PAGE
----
This Dystopian Device Warns You When AI is Trying to Impersonate Actual Humans
Scared of a future where you can no longer discern if you're dealing with a human or a computer? A team of Australian researchers have come up with what they call the Anti-AI AI.
The wearable prototype device is designed to identify synthetic speech and alert the user that the voice they're listening doesn't belong to a flesh-and-blood individual. Developed as a proof of concept in just five days, the prototype makes use of a neural network powered by Google's Tensorflow machine learning software.
As artificial intelligence (AI) and robotic technology rapidly evolve, we're facing an uncertain future where machines can seemingly do all sorts of things better than people can – from mastering games to working our jobs, and even making new, more powerful forms of AI.
While the gravest concerns envision a future dystopia where unregulated, super-powerful AIs threaten humanity's very existence, the truth is we're already entering a new, unsettling era in which machines can deceive humans by impersonating the ways we speak and look.
As this technology gets even more sophisticated, it's becoming easier to imagine a world where soon it may be difficult or even impossible to tell when a 'person' you're talking to on the phone – or watching on TV – is or isn't a real human being.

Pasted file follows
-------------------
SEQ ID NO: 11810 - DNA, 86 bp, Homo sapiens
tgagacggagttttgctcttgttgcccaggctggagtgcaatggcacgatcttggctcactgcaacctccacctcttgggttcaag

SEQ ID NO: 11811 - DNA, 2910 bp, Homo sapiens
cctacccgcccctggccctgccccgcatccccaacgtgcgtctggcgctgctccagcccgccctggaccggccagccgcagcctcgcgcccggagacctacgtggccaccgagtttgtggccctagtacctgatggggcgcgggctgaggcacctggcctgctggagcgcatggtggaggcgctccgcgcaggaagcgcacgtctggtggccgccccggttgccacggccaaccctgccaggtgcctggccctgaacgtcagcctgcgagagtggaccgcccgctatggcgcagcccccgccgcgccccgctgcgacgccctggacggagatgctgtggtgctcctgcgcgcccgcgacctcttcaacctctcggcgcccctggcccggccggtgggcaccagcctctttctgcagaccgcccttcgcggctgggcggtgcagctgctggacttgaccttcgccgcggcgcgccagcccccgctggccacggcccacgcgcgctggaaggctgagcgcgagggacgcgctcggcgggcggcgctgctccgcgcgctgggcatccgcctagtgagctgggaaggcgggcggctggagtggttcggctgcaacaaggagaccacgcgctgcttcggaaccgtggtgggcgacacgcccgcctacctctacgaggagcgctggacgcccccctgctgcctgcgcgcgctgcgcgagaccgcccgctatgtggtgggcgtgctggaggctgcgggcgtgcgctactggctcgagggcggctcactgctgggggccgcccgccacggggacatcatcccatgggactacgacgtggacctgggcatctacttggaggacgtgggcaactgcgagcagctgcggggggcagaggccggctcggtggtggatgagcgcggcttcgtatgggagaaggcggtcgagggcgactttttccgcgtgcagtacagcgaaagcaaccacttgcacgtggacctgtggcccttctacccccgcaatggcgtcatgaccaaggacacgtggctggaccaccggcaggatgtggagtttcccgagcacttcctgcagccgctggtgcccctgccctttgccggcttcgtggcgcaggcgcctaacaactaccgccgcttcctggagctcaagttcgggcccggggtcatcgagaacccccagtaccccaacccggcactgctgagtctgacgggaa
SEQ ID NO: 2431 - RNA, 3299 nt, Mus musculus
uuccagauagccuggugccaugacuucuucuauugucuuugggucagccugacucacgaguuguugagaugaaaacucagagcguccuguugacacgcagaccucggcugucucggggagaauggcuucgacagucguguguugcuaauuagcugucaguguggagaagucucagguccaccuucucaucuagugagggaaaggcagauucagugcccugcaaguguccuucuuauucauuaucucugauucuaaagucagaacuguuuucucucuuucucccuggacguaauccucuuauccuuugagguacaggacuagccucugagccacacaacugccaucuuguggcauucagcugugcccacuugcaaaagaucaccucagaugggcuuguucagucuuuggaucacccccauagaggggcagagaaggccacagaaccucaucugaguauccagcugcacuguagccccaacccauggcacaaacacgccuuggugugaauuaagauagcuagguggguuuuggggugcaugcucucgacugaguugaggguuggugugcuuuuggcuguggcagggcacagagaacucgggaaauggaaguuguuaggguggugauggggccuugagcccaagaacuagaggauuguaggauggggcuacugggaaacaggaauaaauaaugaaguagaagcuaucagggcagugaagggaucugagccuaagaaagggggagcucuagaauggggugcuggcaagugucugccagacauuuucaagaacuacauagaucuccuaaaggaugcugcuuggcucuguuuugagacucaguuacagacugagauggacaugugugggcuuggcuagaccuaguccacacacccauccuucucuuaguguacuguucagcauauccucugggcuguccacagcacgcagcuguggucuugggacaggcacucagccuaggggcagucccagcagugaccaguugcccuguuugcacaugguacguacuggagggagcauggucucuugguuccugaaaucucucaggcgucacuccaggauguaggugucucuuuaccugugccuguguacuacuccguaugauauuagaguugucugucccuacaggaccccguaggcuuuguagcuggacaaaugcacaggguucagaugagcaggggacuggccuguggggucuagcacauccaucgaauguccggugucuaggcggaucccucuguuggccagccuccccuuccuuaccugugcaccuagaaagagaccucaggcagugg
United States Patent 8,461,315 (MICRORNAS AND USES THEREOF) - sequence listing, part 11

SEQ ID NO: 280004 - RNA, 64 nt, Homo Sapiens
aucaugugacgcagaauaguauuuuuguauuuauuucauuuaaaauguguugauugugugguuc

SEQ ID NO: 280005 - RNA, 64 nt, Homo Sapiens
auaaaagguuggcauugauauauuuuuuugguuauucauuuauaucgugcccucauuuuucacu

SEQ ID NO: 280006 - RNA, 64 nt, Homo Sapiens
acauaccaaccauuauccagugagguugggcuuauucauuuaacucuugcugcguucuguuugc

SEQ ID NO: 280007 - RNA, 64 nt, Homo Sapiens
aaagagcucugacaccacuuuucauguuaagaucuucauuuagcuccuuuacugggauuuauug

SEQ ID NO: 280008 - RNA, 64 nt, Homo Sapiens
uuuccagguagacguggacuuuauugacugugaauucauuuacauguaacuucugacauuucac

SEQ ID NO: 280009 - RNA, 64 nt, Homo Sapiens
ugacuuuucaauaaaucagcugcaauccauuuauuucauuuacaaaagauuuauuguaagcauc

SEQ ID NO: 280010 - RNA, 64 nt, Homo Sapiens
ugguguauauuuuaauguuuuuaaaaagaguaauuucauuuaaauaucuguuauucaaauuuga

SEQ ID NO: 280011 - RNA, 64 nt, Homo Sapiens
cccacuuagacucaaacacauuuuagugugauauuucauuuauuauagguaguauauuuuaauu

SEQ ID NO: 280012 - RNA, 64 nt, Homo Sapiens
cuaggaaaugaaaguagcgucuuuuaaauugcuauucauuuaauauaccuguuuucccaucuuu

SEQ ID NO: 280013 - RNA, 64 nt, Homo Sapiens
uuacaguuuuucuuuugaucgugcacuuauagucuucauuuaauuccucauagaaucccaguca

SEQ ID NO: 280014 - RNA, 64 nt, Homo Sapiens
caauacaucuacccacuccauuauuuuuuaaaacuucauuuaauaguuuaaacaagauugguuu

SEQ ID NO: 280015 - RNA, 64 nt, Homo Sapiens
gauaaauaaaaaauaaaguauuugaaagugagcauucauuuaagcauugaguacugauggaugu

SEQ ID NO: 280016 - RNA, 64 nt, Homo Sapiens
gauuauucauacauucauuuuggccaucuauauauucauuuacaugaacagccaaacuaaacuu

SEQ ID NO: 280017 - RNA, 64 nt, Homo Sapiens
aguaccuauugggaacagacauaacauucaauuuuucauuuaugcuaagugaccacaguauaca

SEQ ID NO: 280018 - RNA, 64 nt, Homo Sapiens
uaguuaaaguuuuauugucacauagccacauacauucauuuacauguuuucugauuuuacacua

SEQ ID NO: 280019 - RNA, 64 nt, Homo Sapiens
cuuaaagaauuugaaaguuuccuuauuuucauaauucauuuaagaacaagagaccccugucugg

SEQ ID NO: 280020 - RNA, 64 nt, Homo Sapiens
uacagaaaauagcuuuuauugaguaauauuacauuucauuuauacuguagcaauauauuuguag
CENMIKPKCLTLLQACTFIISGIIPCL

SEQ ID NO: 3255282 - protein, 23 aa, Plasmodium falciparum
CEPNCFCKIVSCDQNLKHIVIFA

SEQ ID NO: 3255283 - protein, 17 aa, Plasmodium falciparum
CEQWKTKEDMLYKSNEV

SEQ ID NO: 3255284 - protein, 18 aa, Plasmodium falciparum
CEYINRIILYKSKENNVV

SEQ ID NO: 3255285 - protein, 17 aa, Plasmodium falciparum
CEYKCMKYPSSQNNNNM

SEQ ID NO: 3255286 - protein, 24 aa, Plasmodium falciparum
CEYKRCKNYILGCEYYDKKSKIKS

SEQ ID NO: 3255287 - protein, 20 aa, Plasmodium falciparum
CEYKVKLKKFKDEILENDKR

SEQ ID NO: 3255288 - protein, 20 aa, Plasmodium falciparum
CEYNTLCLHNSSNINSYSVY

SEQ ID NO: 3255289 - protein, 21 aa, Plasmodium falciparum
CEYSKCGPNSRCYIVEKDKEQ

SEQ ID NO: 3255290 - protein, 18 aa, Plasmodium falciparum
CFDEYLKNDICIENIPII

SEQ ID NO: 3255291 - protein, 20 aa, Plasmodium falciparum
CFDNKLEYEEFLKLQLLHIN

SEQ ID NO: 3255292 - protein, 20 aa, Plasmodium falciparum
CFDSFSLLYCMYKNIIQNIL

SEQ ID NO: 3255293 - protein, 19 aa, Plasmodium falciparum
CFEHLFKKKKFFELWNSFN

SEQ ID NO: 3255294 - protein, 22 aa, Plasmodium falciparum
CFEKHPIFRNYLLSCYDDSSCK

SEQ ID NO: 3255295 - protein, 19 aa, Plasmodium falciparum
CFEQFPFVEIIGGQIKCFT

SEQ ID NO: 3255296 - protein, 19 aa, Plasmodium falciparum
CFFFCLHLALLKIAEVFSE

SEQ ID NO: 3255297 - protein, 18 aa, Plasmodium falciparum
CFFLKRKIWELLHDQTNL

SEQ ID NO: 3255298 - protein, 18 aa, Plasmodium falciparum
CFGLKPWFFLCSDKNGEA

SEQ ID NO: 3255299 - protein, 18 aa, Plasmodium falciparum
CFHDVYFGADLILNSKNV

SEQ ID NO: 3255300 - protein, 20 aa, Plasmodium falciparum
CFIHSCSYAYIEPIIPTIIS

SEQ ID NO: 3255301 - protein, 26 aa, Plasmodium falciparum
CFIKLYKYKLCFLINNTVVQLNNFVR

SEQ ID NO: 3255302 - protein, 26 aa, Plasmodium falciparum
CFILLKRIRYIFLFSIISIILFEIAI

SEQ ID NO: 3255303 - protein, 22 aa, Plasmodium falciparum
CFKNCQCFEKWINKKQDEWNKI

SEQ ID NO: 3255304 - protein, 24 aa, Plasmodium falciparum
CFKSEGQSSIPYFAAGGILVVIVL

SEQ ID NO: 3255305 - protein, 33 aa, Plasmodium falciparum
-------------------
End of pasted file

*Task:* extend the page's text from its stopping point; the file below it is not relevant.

But while AI is what empowers this nightmare scenario, it could also be what helps us reveal these synthetic impostors for what they are.
A team at Australian creative technology agency DT trained its AI up on a database of synthetic voices, teaching the offline network to recognise artificial speech patterns.
When the wearable prototype operates, it captures audio spoken in the device's presence and sends it to this neural network in the cloud. If the AI detects an actual human voice (code green), all is fine.
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